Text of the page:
(archaic) A large, imposing house; mansion.
A large stately residence.
The residence of a minister, esp. a Presbyterian minister; parsonage.
A cleric's house and land, especially the residence of a Presbyterian minister.
(archaic) The dwellings belonging to a householder.
(archaic) A family dwelling, an owner-occupied house.
Origin of manse
- Middle English manss a manor house from Medieval Latin mānsa a dwelling from Latin feminine past participle of manēre to dwell, remain men-3 in Indo-European roots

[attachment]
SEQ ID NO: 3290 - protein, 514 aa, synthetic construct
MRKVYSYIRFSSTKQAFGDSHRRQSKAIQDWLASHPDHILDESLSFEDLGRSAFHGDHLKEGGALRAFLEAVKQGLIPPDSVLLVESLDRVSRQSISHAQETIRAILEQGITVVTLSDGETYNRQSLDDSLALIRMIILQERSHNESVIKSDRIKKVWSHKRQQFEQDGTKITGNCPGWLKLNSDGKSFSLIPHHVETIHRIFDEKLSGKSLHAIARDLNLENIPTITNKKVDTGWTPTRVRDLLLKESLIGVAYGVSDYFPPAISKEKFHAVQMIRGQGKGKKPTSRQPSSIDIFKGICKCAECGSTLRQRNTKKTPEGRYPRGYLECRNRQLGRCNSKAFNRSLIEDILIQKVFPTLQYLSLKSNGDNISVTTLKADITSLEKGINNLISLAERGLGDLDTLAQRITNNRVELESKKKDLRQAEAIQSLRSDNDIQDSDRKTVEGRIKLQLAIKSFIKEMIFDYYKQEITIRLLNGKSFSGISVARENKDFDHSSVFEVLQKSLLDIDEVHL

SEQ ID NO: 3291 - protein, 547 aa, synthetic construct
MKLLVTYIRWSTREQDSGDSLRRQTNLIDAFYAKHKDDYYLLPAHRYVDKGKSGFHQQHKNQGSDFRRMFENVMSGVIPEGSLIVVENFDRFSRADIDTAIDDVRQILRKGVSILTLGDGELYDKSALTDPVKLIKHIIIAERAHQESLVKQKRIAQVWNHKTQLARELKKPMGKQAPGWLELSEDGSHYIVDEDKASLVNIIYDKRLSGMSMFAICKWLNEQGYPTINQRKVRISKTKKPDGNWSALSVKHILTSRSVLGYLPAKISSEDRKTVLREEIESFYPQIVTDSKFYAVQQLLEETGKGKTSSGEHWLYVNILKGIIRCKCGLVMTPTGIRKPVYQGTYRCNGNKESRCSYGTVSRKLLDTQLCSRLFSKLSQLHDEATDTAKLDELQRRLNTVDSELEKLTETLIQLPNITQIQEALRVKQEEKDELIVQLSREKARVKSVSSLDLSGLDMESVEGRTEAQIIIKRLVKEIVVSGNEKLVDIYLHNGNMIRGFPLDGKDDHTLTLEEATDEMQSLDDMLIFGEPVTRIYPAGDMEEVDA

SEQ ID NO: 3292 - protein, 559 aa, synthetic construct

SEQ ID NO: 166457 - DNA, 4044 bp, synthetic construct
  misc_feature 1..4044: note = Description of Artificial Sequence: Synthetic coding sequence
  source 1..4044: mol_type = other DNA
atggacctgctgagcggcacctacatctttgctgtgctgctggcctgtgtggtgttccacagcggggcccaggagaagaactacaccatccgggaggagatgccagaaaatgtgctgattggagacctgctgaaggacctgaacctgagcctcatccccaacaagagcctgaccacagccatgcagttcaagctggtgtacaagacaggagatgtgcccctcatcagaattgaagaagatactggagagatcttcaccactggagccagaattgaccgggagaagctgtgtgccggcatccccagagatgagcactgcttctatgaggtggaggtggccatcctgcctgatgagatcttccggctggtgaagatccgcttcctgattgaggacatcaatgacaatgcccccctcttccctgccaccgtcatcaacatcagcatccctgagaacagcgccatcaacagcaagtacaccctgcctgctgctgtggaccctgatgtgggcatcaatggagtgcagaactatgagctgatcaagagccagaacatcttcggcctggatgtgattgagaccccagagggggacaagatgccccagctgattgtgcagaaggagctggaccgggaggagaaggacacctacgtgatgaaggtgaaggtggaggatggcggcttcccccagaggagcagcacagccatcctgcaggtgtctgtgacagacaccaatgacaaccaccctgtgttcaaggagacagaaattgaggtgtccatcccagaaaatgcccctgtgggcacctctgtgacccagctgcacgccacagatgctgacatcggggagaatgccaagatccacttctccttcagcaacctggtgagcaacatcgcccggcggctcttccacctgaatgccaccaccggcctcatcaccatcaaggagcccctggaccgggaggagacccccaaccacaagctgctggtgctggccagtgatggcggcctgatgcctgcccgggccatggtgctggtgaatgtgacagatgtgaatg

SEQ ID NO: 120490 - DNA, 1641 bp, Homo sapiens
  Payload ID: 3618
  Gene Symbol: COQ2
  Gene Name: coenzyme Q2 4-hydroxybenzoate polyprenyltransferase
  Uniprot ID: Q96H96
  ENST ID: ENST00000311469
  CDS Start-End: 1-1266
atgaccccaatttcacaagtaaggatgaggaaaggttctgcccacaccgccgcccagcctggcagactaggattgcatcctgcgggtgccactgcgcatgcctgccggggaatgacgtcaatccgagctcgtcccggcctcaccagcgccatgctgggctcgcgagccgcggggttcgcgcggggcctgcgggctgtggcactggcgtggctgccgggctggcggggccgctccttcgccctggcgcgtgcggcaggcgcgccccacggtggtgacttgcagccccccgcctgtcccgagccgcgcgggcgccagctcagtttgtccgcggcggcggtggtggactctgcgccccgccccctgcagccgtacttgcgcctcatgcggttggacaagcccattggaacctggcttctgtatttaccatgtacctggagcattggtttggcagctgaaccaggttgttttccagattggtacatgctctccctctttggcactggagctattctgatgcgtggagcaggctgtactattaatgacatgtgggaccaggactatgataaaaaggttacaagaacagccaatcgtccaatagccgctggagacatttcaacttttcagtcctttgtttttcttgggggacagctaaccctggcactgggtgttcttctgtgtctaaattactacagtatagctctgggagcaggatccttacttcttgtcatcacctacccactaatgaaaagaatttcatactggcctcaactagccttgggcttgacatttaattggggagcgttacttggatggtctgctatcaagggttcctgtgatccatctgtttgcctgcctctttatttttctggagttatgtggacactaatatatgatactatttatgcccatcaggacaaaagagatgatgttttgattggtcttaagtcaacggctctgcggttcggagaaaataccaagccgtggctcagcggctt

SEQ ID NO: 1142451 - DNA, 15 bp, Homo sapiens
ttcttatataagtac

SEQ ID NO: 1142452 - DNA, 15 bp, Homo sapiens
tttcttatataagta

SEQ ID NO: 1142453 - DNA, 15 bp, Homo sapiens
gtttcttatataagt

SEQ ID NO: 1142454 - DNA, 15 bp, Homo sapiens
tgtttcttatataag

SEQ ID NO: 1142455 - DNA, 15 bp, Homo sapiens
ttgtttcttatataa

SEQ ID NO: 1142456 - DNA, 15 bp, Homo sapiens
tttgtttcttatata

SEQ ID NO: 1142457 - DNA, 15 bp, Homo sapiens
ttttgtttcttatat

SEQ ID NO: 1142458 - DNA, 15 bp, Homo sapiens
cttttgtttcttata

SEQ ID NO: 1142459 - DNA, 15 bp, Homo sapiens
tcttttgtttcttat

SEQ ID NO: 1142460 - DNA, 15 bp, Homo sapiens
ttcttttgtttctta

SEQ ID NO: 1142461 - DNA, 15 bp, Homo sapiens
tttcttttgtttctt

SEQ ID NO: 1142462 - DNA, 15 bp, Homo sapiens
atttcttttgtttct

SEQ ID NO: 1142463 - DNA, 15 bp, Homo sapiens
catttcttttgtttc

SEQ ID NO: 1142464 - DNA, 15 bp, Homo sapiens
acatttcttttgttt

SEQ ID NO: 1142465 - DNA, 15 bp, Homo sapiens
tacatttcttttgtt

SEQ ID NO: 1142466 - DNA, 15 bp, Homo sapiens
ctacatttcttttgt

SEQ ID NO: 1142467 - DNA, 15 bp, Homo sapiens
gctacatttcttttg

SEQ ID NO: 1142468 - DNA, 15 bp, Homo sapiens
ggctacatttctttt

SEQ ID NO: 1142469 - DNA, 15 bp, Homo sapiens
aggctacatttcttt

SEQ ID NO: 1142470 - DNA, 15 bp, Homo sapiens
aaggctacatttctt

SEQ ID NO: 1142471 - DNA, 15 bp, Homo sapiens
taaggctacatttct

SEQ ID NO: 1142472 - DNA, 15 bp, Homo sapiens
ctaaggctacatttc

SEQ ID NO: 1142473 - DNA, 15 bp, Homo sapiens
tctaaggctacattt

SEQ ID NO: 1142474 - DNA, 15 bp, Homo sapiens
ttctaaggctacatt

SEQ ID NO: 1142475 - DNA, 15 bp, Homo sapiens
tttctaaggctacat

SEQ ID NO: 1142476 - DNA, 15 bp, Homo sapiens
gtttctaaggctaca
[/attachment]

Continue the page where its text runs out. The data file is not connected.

From American Heritage Dictionary of the English Language, 5th Edition
- From Middle English mansien, apheretic variant of amansien, from Old English āmÇ£nsumian (“to excommunicate"). More at amanse.